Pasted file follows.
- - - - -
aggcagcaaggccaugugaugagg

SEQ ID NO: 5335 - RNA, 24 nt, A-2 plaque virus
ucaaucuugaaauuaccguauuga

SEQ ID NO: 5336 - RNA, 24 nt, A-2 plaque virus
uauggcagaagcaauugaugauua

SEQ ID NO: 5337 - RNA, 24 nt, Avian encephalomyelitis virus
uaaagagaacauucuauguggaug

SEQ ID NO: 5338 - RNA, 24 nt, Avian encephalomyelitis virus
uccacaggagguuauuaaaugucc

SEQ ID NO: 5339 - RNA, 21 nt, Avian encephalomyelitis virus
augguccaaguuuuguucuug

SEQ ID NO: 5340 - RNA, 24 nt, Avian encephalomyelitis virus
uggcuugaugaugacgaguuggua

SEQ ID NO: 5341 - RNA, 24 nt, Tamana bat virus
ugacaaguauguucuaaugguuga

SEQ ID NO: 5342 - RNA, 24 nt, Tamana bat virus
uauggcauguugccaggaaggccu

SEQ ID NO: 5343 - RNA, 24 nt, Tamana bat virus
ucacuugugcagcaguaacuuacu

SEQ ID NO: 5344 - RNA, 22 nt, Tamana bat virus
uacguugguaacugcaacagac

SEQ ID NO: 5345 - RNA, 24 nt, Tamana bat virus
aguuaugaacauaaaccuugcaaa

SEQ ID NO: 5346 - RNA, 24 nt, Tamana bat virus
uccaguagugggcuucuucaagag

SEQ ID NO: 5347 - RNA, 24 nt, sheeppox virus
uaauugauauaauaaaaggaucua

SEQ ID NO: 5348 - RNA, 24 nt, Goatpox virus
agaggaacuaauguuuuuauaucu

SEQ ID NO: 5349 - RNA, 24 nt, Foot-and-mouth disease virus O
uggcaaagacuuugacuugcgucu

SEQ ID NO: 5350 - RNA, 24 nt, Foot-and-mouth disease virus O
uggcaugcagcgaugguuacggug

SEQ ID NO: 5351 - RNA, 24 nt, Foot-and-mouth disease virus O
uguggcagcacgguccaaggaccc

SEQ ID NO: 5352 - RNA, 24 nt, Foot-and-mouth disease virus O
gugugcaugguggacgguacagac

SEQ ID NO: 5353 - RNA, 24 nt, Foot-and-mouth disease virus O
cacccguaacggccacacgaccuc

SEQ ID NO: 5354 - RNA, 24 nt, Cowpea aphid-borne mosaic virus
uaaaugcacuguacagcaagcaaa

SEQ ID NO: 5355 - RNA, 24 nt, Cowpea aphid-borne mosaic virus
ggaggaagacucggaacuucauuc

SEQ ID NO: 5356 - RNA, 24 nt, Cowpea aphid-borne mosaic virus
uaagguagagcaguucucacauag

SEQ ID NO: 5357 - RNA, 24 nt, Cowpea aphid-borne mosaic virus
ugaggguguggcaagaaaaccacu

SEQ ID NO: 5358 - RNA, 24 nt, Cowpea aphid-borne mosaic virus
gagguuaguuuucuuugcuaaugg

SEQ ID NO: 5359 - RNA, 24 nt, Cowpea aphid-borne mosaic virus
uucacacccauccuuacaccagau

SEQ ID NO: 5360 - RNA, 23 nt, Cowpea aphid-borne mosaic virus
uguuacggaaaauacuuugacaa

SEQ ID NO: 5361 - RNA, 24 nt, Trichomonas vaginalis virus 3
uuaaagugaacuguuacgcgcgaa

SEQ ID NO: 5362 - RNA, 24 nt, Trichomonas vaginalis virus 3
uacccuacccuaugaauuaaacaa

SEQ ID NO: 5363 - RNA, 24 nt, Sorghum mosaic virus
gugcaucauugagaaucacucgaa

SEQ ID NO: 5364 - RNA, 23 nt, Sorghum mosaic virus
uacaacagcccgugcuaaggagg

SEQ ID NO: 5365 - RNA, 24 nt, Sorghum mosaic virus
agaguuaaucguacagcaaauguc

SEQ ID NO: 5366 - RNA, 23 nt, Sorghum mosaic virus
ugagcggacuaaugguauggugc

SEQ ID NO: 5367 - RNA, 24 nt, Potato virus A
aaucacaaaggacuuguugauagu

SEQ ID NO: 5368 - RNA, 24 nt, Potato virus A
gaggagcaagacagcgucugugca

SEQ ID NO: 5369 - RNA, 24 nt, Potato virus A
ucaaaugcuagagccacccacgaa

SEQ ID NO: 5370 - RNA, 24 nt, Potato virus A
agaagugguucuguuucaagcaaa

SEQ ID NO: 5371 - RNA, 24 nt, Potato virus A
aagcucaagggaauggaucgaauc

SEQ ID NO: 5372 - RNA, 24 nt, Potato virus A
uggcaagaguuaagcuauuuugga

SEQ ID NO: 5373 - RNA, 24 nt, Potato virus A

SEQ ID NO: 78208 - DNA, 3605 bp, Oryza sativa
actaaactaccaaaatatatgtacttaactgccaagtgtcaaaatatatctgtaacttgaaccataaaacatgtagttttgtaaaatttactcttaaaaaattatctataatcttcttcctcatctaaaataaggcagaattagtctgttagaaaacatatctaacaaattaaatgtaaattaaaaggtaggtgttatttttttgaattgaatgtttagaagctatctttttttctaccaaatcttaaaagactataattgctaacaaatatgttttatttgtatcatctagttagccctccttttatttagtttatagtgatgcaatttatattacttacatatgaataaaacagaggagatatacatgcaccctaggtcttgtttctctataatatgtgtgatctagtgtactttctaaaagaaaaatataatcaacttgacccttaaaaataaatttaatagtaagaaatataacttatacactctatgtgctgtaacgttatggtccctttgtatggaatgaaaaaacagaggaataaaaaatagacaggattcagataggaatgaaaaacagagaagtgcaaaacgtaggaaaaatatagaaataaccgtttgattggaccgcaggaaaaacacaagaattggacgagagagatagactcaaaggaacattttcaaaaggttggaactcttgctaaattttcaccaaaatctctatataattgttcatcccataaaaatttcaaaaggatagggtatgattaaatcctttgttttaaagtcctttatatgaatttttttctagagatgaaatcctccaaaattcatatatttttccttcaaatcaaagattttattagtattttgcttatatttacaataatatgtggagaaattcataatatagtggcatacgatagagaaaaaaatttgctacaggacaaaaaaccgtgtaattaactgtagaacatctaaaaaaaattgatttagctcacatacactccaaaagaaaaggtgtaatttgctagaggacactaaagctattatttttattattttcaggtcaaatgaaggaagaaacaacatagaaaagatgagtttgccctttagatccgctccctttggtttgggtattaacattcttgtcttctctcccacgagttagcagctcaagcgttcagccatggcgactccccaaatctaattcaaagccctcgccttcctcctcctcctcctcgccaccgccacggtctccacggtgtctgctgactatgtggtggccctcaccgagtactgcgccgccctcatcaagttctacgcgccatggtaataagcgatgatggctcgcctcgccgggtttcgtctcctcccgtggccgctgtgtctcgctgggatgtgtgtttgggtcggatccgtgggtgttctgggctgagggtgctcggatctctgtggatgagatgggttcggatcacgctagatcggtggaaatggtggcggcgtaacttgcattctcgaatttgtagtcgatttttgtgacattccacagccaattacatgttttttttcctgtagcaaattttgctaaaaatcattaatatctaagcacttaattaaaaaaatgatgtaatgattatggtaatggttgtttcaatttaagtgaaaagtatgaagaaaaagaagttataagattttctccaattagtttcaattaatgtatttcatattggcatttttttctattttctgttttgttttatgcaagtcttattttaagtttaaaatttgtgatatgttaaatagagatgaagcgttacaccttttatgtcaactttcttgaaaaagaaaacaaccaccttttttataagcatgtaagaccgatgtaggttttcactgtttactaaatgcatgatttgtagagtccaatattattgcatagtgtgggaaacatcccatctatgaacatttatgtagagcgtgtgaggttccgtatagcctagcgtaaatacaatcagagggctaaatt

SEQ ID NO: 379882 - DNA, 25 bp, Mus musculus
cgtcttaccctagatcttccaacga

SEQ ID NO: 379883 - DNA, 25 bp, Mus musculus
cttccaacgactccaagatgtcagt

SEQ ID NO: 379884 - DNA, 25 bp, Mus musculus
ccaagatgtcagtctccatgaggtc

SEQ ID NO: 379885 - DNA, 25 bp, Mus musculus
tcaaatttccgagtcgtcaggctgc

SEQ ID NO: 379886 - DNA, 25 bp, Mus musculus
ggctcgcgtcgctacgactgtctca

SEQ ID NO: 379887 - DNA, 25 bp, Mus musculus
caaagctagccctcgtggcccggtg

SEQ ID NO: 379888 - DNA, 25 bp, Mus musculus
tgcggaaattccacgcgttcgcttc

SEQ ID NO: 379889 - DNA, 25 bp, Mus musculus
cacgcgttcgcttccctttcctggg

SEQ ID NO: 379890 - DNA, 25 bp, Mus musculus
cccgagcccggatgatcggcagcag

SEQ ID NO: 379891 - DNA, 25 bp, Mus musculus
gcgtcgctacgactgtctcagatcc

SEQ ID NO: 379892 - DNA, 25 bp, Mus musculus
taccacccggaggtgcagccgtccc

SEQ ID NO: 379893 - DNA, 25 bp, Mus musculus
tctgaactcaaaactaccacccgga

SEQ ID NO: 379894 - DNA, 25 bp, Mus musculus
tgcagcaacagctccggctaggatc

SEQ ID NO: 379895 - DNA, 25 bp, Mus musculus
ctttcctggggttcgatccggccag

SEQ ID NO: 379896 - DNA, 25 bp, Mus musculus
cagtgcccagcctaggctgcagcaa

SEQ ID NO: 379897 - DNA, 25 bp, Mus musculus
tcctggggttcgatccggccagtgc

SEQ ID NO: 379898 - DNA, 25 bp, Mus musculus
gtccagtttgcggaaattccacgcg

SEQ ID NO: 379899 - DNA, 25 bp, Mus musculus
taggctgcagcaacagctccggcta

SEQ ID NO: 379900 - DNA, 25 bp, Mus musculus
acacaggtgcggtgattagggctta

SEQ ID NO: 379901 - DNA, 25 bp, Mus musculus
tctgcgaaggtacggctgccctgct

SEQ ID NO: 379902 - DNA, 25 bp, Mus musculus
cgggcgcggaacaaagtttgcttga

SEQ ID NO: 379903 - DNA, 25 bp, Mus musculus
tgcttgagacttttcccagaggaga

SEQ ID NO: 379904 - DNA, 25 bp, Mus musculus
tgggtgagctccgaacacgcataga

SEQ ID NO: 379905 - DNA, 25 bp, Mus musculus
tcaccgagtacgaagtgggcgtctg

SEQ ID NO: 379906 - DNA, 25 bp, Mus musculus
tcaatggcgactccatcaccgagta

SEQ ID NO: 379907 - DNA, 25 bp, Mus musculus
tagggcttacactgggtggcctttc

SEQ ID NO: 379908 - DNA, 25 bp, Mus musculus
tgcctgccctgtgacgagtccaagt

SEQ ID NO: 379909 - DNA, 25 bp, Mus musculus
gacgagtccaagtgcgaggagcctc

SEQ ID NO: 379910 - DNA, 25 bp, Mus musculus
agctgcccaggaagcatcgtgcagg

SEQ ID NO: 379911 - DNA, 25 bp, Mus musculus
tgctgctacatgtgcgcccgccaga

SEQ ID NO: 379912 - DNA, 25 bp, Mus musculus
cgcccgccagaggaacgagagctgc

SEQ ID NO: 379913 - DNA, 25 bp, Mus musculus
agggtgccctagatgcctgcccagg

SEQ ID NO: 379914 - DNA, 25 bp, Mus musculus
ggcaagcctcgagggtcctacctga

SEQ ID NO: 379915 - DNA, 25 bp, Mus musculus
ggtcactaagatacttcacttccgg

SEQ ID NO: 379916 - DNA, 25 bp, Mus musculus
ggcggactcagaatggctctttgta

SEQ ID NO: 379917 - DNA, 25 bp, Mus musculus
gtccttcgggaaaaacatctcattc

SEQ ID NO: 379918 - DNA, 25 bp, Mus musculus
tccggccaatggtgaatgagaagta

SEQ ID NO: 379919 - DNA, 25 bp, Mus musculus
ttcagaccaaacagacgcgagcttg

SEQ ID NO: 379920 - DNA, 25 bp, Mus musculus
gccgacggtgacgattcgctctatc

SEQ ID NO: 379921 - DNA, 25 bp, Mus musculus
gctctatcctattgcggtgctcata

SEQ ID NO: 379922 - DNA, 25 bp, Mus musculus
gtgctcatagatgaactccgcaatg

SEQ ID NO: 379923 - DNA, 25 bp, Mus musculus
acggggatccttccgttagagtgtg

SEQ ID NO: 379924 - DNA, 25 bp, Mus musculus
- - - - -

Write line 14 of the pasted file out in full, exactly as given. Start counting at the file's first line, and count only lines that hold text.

SEQ ID NO: 5341 - RNA, 24 nt, Tamana bat virus